In retrospect this first bonus content drop was just plain lazy, but it was overlooked because of the newness, that shiny lustre, of the service. Couple that with the latest bonus content drop, and it is as if EA and Dice couldn’t be bothered to put any effort into their bonus content. Sure, the art book is something Premium members didn’t have before and do now (even though I’ll never look at it), but still I feel cheated. Because, really, does this “Enhance your Battlefield 3 experience” like bonus content is said to? I thought that was the whole idea behind Premium to begin with.

If this is what we’re going to get, then why even bother with the idea of bonus content? I can understand not wanting to give Premium players a bonus gun or anything which may skew things in the favor of Premium players (new weapons are also a big part of each expansion), but is this really the best that Dice can do? This isn’t a case of gamer entitlement rearing its ugly head; it’s a legitimate complaint.

Part of the issue is rooted in Dice’s language game. First, we have unique in-game content like dog tags, additional camouflages (for gun and character), and so far a new knife, and then we have bonus content: a booklet of concept art and an expansion most would’ve owned anyways. Apparently the two are separate from one another. One is meant to allow you to personalize your character more (cosmetically at least); the other, well I’m not sure what it is really supposed to do. The whole issue could have been avoided if Dice had simply brought everything under the umbrella of “bonus content” and allowed the “bonus” art booklet to slip under the radar as Premium players explored the more important in-game content. That, or Dice would have been better off just not releasing any “bonus content.” After all, people can’t be disappointed by promises that aren’t made.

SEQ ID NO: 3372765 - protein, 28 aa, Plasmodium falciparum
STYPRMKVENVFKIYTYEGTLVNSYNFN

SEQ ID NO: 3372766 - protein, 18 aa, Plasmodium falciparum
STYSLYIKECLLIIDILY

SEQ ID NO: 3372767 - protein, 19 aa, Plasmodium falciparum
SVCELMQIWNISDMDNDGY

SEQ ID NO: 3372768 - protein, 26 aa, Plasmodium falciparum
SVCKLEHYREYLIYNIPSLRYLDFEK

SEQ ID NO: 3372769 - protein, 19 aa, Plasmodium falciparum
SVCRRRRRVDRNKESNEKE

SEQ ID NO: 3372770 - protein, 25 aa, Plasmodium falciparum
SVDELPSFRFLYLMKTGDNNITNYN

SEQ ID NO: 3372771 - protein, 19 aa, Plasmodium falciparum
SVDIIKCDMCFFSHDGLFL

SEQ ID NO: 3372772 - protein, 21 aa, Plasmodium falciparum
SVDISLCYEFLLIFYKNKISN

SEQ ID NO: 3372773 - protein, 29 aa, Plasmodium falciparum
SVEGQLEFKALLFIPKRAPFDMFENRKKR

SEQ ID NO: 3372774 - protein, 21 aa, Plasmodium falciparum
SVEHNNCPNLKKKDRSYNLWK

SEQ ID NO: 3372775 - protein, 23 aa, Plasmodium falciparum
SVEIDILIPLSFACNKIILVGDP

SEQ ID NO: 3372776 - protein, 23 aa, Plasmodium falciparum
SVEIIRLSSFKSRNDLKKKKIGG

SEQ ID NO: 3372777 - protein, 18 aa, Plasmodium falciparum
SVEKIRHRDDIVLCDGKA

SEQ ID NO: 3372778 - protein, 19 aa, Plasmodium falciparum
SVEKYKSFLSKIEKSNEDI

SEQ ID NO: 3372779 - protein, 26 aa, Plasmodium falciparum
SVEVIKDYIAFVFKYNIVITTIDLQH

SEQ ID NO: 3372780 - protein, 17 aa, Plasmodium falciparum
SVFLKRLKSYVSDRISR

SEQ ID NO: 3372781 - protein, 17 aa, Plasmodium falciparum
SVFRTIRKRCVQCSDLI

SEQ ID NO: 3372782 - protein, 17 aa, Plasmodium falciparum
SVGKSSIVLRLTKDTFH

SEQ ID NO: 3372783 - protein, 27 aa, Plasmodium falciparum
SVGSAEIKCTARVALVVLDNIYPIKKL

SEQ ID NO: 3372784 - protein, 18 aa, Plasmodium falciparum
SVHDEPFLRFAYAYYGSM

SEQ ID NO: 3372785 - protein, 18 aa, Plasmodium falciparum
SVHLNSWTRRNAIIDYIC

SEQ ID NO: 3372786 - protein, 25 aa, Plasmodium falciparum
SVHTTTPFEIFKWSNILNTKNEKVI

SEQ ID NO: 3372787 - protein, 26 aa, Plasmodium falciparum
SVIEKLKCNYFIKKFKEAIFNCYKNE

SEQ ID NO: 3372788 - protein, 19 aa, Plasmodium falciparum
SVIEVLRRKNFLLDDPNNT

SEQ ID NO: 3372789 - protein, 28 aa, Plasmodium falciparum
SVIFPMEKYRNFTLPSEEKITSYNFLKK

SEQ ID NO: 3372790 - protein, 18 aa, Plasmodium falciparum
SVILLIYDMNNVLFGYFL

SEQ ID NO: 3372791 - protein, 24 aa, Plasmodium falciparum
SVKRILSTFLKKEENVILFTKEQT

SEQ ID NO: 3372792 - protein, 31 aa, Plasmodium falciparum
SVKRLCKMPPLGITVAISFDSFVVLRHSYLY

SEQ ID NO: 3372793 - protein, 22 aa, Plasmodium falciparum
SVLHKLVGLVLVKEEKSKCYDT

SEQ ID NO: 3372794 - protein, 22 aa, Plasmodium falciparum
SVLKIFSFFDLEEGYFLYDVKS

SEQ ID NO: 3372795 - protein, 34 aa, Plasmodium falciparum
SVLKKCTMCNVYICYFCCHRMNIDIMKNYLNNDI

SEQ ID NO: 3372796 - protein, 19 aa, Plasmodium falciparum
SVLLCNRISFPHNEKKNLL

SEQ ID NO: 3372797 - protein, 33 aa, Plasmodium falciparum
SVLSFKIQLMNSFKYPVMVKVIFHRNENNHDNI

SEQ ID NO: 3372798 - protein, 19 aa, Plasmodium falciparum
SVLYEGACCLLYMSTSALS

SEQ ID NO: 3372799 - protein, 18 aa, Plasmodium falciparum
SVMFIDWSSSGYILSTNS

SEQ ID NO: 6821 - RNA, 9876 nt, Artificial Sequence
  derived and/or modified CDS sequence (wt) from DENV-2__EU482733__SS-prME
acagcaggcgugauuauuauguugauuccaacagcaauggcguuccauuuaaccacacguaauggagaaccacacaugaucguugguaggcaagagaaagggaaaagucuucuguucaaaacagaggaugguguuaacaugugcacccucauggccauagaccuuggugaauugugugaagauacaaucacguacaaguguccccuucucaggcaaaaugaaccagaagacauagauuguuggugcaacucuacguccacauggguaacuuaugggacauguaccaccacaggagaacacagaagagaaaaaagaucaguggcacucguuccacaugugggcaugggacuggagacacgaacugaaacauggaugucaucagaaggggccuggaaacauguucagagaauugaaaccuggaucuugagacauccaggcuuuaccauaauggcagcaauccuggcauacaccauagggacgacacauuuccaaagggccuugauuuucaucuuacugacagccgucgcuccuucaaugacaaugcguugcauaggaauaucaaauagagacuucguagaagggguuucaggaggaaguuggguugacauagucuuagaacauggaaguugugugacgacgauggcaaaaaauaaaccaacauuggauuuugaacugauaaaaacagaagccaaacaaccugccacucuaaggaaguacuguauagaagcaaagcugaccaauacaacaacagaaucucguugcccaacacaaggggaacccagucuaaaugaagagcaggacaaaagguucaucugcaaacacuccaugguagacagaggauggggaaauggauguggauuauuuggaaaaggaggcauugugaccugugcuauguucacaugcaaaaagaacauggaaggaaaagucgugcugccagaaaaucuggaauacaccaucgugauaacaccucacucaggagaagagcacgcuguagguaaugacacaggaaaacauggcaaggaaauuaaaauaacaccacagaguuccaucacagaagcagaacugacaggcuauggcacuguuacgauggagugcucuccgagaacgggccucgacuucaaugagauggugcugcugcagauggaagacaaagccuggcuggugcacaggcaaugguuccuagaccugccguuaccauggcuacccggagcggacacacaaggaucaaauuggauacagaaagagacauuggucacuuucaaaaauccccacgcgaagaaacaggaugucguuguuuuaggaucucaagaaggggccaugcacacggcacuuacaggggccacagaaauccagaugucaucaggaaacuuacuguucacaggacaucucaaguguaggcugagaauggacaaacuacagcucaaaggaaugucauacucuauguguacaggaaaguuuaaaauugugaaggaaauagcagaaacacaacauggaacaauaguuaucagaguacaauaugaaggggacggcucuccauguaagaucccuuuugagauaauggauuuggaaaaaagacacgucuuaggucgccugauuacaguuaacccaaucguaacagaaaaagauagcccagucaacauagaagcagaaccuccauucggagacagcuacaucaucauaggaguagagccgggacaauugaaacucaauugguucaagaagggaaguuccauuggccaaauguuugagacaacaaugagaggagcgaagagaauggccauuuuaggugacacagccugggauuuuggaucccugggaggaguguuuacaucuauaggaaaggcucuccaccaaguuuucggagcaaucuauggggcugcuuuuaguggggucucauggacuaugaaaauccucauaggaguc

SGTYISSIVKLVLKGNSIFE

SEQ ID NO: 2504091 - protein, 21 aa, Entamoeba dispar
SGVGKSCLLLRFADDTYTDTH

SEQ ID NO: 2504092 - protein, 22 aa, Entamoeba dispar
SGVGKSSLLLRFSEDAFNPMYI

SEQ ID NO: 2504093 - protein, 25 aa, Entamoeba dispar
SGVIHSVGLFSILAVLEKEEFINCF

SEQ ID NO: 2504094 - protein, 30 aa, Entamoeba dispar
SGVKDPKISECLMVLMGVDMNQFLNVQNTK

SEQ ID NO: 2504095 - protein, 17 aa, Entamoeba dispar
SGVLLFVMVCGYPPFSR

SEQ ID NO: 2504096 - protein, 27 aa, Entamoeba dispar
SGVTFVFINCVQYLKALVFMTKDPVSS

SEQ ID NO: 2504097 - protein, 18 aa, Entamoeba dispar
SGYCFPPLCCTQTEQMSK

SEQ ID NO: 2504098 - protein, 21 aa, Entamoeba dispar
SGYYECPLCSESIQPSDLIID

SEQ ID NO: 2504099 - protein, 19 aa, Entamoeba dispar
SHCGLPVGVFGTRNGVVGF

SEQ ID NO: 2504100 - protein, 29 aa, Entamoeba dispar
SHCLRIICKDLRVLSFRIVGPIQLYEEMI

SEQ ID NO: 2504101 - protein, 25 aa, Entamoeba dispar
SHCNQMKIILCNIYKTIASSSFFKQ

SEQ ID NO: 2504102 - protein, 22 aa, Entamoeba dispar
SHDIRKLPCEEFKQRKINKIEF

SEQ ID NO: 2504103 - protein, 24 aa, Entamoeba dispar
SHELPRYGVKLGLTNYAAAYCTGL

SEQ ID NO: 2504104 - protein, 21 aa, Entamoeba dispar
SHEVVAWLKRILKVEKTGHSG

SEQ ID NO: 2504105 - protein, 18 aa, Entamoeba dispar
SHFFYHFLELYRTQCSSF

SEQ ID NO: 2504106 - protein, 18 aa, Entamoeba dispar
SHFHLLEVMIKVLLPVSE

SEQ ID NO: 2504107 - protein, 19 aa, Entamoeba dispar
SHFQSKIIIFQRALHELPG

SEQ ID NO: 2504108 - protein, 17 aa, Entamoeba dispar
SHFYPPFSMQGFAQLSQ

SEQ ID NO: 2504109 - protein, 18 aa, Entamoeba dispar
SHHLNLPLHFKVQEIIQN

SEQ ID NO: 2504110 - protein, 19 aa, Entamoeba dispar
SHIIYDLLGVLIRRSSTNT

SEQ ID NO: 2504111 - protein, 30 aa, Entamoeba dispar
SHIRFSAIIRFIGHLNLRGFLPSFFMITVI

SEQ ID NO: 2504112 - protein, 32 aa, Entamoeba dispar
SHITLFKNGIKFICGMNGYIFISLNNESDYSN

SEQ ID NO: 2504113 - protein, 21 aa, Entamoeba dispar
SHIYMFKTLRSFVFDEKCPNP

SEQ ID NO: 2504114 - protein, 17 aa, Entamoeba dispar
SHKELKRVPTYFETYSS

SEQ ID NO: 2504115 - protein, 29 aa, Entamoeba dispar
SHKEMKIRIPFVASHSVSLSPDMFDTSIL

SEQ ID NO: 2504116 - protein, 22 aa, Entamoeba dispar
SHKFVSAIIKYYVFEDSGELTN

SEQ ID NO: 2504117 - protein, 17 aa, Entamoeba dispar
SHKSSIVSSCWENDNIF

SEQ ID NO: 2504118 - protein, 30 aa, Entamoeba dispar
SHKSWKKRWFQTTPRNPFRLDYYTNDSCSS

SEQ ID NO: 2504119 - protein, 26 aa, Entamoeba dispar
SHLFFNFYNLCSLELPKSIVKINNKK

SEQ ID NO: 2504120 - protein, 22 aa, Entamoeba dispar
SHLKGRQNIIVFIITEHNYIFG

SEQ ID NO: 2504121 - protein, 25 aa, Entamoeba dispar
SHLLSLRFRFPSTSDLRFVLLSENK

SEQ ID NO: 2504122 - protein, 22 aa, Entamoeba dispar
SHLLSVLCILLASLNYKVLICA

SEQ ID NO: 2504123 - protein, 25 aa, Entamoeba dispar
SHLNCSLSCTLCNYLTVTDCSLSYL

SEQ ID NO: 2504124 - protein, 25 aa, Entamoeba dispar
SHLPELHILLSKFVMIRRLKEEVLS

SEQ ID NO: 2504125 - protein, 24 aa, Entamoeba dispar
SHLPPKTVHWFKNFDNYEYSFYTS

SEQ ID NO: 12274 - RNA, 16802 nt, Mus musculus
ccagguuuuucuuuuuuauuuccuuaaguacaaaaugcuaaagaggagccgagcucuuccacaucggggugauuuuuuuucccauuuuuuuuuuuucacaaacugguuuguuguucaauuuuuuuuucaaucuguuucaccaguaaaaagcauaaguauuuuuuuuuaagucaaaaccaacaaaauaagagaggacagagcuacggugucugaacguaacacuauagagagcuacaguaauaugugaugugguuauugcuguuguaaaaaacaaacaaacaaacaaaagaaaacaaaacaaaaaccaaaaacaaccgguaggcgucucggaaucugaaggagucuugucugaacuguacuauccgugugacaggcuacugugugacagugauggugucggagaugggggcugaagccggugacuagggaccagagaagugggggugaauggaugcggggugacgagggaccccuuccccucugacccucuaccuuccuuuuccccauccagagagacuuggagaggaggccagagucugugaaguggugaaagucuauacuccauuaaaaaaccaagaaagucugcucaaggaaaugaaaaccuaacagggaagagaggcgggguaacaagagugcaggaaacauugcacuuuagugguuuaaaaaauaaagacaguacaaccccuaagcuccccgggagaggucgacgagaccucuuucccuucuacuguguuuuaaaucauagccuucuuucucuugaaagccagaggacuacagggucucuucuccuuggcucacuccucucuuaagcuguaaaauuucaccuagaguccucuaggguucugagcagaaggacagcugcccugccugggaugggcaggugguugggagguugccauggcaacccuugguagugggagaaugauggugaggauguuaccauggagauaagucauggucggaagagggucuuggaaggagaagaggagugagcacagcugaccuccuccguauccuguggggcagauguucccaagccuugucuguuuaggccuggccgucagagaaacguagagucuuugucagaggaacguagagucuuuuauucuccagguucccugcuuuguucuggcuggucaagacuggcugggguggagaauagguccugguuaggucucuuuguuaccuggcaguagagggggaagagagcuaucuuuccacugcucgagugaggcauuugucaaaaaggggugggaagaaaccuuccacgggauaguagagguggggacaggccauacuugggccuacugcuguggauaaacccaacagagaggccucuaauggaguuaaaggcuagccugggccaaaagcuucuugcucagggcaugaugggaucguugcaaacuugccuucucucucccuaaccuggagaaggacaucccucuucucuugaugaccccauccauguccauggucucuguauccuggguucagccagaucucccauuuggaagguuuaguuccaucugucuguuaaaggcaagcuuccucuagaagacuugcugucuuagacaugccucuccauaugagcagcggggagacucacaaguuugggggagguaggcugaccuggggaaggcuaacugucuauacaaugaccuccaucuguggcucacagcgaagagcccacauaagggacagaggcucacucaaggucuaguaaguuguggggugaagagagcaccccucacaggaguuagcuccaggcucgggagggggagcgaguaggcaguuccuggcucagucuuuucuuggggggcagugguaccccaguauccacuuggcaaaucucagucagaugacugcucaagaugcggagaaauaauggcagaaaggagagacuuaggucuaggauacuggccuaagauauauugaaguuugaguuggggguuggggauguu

This actually leads into my next point: I think the name “bonus content” is misleading, and only serves to increase our expectations about what said content might be. A bonus is something we think of as good—some type of benefit for which people get their hopes up. You’re elated when you get a bonus for doing a good job at work (you get the benefit of extra pay), but you’re disappointed when you get bonus content that really isn’t significant, like a digital art book. Premium so far has over promised its “bonus content,” because of the name, and under delivered. We thought we’d get something substantive to enhance our experience, but were thoroughly underwhelmed; that’s why people are upset. If Dice had decided to call “bonus content” “additional content,” we might not have gotten our hopes up and instead taken it literally as something additional but not necessarily beneficial.

I had such high hopes for Premium to be so much more than just a season pass for DLC. Yes, the big draw for Premium is the chance to get all of the DLC at a discounted one-time fee. But with the extra content, Premium isn’t just trying to be just a run of the mill season pass but rather a complete service.  Unfortunately Premium is trending towards the former. Maybe this is just a little bump in the road—the growing pains a new service must go through before it steps up to really wow its subscribers. There are still two bonus content drops left, so perhaps Dice can get those right, but I’m not holding my breath.

But enough about what I think, it’s time to get your thoughts on the matter. Are you angry about the disappointing bonus content drop? Do you think those who are should just get over it? Leave your thoughts in the comment section below.